On October 29, 1948, a postage stamp was issued to honor Juliette Gordon Low, the founder of the Girl Scouts organization. Juliette "Daisy" Gordon Low was born into a prominent Savannah, Georgia family in 1860. At boarding schools in Virginia and New York, Daisy showed great interest in and aptitude for literature and the arts, as well as a love of animals and nature. After school she traveled extensively throughout the United States and Europe, and in 1886, she married British heir, William Mackay Low. After suffering from brain fever as a child, she had experienced severe hearing loss in one ear, only to lose hearing in the other ear when a piece of good-luck rice from their wedding reception pierced her eardrum.
The Lows' marriage lasted 19 years until William's drinking and philandering forced Daisy to seek a divorce. During the process, he died suddenly, leaving most of his estate to his mistress. Wanting to do something productive with her life, Daisy was inspired by a meeting with Sir Robert Baden-Powell, founder of the Boy Scouts and Girl Guides, and began to focus her energies on spreading this youth movement to the United States.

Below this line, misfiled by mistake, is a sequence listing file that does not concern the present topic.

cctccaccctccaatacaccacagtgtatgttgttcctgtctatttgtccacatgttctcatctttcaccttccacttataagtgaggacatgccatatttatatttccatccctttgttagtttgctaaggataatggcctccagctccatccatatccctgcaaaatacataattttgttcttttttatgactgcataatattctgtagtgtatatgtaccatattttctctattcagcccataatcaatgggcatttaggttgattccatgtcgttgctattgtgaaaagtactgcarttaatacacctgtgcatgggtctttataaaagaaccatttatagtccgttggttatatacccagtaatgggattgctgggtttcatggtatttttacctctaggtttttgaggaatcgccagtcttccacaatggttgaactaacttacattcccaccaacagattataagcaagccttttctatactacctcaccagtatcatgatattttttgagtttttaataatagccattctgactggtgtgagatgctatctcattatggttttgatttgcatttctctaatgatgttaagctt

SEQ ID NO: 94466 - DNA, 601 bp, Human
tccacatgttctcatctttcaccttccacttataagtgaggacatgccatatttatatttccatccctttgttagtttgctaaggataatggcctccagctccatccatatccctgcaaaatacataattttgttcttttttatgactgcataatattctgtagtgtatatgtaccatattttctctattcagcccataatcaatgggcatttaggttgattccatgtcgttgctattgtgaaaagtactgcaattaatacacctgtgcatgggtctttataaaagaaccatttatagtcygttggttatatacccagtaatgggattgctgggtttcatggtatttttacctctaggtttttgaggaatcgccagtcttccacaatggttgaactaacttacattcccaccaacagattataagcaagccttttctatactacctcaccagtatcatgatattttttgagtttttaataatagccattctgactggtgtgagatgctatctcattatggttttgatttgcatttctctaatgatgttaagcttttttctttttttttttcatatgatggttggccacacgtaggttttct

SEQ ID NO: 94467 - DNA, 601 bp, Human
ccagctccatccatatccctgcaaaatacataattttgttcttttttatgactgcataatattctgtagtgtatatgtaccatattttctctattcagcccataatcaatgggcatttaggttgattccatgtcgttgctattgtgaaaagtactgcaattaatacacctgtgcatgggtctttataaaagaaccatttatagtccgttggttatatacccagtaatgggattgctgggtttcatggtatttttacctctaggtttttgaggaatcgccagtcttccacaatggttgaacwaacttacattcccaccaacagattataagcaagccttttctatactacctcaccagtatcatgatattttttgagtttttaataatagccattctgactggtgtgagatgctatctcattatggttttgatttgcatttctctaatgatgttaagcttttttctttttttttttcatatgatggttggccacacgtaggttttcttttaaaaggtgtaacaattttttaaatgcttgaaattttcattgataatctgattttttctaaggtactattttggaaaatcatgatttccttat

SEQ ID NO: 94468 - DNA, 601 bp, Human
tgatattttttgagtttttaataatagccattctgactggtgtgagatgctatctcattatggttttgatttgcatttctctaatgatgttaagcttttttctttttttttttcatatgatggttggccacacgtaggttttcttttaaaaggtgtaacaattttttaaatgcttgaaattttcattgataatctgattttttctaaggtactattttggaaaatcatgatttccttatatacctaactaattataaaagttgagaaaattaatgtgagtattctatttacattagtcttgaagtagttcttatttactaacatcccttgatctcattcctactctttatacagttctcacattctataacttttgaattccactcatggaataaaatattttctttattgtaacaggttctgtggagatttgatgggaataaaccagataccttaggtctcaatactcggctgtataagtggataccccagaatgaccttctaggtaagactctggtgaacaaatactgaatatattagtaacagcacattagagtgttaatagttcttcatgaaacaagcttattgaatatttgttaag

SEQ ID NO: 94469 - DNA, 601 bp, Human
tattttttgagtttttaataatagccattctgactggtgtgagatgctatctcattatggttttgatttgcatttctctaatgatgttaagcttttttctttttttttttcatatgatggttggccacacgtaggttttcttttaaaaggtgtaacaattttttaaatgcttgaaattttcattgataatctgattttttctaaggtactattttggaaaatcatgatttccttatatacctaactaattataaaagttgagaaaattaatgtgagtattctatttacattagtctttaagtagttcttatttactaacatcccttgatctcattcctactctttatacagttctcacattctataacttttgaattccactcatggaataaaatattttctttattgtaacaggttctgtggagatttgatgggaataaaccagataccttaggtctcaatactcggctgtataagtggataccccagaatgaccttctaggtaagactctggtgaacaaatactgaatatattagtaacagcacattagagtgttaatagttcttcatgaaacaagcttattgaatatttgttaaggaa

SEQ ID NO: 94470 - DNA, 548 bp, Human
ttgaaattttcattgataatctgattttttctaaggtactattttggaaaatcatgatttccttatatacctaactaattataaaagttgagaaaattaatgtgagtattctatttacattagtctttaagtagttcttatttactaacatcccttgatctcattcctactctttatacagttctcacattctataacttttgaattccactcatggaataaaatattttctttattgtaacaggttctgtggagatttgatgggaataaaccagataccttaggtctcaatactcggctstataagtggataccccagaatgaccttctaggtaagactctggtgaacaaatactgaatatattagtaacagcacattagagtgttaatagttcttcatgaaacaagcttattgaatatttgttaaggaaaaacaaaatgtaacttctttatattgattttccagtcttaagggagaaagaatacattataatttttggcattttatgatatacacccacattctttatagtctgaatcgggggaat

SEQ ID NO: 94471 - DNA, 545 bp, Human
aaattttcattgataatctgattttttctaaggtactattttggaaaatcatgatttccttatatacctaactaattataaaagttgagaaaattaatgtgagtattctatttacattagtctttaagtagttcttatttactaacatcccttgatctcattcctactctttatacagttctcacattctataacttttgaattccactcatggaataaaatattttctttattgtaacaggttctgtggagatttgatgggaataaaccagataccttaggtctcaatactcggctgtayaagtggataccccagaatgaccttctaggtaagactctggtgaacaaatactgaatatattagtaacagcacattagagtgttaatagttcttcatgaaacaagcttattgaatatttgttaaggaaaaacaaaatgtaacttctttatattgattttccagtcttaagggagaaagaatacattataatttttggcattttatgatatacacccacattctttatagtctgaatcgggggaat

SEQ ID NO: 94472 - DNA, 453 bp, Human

In 1812, Daisy started the first Girl Guides group in the United States. The next year, the organization changed its name to Girl Scouts. Daisy Low dedicated the rest of her life to bringing girls from varied backgrounds together, introducing them to the natural world, developing their skills of independence and resourcefulness, and preparing them for futures as professional women involved in their communities. Juliette Gordon Low died of breast cancer in 1927. By 2001, the organization she founded with 12 girls 89 years previously had grown to 3.7 million members.